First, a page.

What is known as the third angel’s message, or, better still, the threefold, closing message of the gospel, is simply the announcement that the Lord is soon coming, and of the power of God to prepare men for that event. “All flesh is grass, and all the goodliness thereof is as the flower of the field.” “The grass withereth, the flower fadeth; but the word of our God shall stand forever.” This is the message: Man is nothing, but God is everything; man is weakness, but God is strength; man is sinful, but God is righteousness; man is ignorant, but God is wisdom; man is as frail as the grass, but God is wisdom; man is as frail as the grass, but God has life in himself; and all that God is, he gives to every one who will accept him; for he “gave himself for us.” ARSH January 2, 1894, page 4.3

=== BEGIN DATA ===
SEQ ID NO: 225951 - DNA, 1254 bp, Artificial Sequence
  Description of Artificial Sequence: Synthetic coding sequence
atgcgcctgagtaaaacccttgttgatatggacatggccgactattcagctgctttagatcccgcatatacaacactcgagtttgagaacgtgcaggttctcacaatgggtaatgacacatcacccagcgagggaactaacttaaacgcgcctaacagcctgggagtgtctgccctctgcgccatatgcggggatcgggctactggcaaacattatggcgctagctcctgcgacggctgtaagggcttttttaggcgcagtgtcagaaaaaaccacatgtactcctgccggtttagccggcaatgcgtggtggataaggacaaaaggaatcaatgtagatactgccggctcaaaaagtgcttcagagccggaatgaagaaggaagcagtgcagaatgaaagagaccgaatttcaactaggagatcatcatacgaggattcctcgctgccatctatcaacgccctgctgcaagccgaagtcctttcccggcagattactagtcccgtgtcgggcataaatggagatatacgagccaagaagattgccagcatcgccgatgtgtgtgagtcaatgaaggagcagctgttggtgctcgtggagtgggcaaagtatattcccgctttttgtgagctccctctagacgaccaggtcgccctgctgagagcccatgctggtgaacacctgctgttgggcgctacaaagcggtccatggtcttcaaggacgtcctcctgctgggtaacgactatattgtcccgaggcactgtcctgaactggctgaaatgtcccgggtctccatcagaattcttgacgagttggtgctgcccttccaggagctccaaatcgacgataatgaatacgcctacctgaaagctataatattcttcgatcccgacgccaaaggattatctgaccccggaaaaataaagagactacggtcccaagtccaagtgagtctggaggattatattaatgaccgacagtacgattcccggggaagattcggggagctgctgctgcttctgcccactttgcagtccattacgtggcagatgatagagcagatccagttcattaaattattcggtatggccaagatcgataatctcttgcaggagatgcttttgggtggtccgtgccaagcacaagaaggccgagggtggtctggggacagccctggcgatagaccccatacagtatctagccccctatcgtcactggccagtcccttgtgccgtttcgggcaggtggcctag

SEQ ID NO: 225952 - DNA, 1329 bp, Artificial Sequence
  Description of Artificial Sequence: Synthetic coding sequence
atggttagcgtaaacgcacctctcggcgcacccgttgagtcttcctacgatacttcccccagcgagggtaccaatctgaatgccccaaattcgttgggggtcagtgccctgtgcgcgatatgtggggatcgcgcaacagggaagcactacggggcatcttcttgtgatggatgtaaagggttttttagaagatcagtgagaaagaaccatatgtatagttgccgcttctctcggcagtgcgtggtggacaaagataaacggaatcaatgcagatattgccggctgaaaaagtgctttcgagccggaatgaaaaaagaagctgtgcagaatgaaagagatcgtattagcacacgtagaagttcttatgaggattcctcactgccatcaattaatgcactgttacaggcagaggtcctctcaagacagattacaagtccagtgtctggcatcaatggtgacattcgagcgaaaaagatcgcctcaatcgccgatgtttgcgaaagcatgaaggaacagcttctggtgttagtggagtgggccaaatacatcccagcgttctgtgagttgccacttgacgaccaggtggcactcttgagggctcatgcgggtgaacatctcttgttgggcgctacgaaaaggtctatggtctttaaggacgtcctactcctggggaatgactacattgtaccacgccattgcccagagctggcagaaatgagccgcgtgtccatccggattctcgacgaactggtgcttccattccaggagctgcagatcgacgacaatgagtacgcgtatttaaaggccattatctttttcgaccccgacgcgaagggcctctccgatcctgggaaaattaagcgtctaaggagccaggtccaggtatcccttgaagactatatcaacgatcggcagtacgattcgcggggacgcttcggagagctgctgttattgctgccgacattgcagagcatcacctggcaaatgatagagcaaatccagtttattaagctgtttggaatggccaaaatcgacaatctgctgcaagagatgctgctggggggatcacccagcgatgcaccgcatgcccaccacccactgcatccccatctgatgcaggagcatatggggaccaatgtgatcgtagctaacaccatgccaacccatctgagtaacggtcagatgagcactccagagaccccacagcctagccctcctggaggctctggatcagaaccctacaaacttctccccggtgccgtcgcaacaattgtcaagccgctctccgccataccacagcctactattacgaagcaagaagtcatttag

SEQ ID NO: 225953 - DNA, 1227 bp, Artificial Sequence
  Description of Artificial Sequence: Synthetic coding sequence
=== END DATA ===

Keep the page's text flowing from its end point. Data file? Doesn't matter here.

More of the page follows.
The message, then, is the announcement of the power of God, as contrasted with the weakness of men, and as working in weak and sinful men. It is the setting forth of the mind of Christ, and showing that as God was manifest in the flesh in the person of Jesus Christ, who emptied himself that the Father alone might be revealed in him, so he will reveal himself in the flesh of every one who will yield himself to God, that he may be emptied of self. Now the power of God is always the same. It cannot be measured, for it is infinite. To create the smallest thing, or to cleanse the least sin, requires nothing less than the power of God, and to create the entire universe, or to save the world, requires nothing more than that same power. All things are alike to God. Nothing is too hard for him. Jeremiah 32:17-19. With a word all things are accomplished by him, and it requires no more effort for him to speak the word that brings the universe into existence than to speak the word that causes of single blade of grass to grow. The same word that cast the devil out of Mary, a Jewess, also cast the devil out of the daughter of the Syro-phenician woman. “The same Lord over all is rich unto all that call upon him.” Romans 10:12. ARSH January 2, 1894, page 4.4